There came a moment not long ago that I realized I’m probably not much different from when I was 10. The wisdom of youth, I suppose. This makes sense on some level, especially given that my personality usually ranges from one of a pensive old soul to a sort of nostalgic wondering. Maybe I’ve just always been caught in the middle, a part of me looking forward as another looks back. Who knows, really?
Family came first then, as it does now. Mom was the most caring, nurturing woman I knew at age 10, and she still is today. I idolized my dad when I was little, and here I am 20 years later writing a freaking book about the odd man and the lessons he taught me during these formative years. His is a shadow of influence long cast.
Friends come a close second behind family. This seems to have always been the case. At age 10, the best days were those spent playing whiffle ball in my friend’s backyard blasting home runs through his family’s ill-placed tree house. Now, I look forward to an annual backyard badminton tournament that will be the best Saturday afternoon of the fall. Maybe there’s a little more chewing tobacco involved at this stage, but when it comes to guys who have been friends for more than 20 years, the competition and razing matters the most.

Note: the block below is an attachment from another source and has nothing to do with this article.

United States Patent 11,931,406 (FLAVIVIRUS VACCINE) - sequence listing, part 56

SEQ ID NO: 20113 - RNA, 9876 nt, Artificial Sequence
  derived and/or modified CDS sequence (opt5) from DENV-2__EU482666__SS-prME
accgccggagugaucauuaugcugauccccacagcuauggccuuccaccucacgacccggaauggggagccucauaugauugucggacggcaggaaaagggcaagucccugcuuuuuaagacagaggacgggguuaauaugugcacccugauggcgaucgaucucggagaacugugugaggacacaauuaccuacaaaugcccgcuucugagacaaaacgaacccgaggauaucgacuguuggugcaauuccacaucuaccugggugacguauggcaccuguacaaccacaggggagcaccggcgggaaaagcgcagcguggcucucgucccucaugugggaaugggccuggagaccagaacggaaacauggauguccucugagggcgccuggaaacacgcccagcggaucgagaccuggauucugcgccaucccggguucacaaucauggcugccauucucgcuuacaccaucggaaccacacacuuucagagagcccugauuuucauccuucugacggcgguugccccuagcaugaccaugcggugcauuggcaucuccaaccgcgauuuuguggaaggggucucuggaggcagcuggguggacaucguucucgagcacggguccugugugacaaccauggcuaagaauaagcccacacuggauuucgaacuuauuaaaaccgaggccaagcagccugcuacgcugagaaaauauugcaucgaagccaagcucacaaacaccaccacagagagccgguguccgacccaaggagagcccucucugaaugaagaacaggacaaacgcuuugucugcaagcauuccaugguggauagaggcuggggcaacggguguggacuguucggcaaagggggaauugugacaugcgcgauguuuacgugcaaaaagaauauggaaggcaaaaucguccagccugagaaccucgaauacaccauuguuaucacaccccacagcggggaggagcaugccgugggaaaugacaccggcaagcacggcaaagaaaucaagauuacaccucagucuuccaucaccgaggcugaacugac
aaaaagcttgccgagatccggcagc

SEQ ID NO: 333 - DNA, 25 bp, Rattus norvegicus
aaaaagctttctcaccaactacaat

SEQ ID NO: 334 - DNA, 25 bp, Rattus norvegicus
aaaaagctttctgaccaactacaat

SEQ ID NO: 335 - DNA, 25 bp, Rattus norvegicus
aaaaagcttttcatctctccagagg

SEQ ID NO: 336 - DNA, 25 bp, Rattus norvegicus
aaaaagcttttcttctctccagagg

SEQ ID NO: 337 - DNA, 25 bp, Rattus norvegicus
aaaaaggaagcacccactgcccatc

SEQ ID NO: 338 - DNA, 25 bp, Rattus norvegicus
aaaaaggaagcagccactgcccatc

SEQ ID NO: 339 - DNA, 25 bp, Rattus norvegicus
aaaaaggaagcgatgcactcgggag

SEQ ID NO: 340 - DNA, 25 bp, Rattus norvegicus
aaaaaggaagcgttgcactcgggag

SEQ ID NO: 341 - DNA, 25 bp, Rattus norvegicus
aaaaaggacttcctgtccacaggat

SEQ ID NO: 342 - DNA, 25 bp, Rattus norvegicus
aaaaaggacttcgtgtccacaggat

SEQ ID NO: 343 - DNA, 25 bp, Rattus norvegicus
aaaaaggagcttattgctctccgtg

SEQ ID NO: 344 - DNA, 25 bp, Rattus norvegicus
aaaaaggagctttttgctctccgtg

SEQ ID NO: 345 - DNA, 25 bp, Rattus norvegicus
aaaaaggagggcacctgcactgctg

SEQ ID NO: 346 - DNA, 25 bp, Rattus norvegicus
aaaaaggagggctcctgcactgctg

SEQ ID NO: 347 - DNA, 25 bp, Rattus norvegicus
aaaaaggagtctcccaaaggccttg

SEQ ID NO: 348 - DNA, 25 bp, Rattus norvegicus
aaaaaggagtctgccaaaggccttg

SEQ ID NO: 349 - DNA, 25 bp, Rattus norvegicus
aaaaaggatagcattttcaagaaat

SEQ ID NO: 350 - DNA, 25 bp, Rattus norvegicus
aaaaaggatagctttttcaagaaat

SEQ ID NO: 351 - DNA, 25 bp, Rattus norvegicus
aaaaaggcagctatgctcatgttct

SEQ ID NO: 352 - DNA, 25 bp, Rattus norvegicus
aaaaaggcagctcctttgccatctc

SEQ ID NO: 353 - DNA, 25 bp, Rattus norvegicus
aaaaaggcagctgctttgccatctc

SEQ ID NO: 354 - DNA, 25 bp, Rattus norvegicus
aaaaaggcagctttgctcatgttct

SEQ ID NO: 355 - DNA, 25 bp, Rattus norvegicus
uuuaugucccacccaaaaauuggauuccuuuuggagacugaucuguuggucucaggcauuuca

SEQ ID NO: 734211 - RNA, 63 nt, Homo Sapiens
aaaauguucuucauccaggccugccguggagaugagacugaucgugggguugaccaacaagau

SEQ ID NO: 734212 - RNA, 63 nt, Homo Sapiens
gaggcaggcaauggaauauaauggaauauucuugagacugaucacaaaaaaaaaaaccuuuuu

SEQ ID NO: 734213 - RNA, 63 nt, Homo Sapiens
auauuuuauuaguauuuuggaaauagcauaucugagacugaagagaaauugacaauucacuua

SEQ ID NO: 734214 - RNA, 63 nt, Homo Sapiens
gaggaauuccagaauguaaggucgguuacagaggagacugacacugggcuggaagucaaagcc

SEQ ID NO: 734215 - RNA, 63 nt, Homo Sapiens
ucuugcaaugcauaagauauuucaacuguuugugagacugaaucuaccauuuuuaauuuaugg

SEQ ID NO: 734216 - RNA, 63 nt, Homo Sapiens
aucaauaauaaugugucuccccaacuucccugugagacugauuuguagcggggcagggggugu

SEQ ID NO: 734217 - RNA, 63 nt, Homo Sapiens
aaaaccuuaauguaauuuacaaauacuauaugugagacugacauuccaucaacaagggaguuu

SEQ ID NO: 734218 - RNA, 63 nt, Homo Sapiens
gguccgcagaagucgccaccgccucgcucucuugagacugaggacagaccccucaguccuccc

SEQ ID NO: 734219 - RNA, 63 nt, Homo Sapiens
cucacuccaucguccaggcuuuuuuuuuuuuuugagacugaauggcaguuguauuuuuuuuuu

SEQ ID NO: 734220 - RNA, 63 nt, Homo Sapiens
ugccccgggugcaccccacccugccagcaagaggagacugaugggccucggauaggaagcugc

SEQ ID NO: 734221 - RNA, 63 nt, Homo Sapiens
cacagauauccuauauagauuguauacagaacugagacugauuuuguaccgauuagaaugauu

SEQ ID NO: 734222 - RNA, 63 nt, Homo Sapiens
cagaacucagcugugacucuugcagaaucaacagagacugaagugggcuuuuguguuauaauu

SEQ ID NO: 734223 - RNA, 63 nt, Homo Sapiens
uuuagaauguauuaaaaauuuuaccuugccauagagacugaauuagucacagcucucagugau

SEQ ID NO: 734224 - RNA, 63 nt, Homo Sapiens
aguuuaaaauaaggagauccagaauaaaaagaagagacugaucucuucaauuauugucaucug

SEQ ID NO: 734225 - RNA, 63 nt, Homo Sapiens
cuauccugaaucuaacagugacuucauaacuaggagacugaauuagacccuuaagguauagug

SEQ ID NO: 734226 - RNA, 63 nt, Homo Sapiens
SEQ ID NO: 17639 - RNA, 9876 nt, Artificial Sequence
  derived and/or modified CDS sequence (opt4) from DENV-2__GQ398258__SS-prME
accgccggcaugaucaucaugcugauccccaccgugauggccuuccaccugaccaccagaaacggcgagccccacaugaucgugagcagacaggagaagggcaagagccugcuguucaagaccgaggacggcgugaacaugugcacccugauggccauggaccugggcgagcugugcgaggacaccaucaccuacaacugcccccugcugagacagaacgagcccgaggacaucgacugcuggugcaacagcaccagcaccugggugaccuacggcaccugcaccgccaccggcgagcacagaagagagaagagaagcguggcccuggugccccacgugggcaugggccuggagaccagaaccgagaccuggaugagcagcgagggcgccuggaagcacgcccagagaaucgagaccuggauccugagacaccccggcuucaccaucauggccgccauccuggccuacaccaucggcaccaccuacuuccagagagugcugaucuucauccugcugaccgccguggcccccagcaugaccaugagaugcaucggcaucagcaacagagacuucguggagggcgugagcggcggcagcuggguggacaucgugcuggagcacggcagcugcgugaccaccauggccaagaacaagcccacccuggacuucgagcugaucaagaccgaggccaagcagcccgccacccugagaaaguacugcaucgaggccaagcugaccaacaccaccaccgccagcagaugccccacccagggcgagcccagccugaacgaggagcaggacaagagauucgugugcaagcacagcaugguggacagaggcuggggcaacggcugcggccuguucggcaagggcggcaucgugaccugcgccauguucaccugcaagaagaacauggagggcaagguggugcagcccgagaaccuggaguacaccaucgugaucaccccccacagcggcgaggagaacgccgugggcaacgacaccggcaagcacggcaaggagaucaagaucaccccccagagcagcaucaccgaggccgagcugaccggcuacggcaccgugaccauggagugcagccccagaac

My favorite sensation is fall, and I don’t even know what this means. The sights and sounds, smells and feels, everything about the season mesmerizes me. From an October morning’s chill spent in shorts and a sweatshirt underneath a changing yellow to red collection of leaves, to the scent of grills cooking patties and dogs and the sight of smoke wafting into the sky outside a football stadium, fall enchants. It brings a rush of life that seeps into my body from the frosted blades of grass that soak my tennis shoes on a morning jog. As a kid it reminded me of being older, more mature for some reason. As a thirtysomething, it reminds me of being a kid.
I liked Boyz II Men as a 10 year old. My favorite song was the Motown quartet’s heart-tugging ballad End of the Road. My favorite musician now is Ray Charles. And my favorite song is a cover the gospel-inspired soul innovator first performed in 1962 of the country favorite I Can’t Stop Loving You. Surprising nobody, the song is another 3-minute saga of a heart’s longing.
Some things don’t change.
Michigan lost the 1993 NCAA Championship when Chris Webber called a timeout the squad did not have. I sprinted away from the TV, pounded my fists against my bedroom wall, howled feral noises into the night, and cried. “Why, God, did Michigan have to lose?” I wondered at age 10.
Michigan lost the 2013 NCAA Championship to Louisville after building a double-digit first half lead. Being that I’m 30, wise, and mature, I didn’t cry when they lost. Instead, I merely walked barefoot into the alley behind my house and screamed, “F***K! Why did they have to lose?”
Lastly, Stand by Me has been my favorite movie for a minimum 20 years. The movie is heavy. Death clings to it like the shadows that follow the four boys on their journey through the woods. The movie instructs, though, on family, friendship, loss, growing up, letting go, and looking back. I’m a sucker for the phrase coming of age, and to this day there is no better movie scene than when the first unmistakable beats of Ben E. King’s Stand by Me conclude what will always be my favorite film.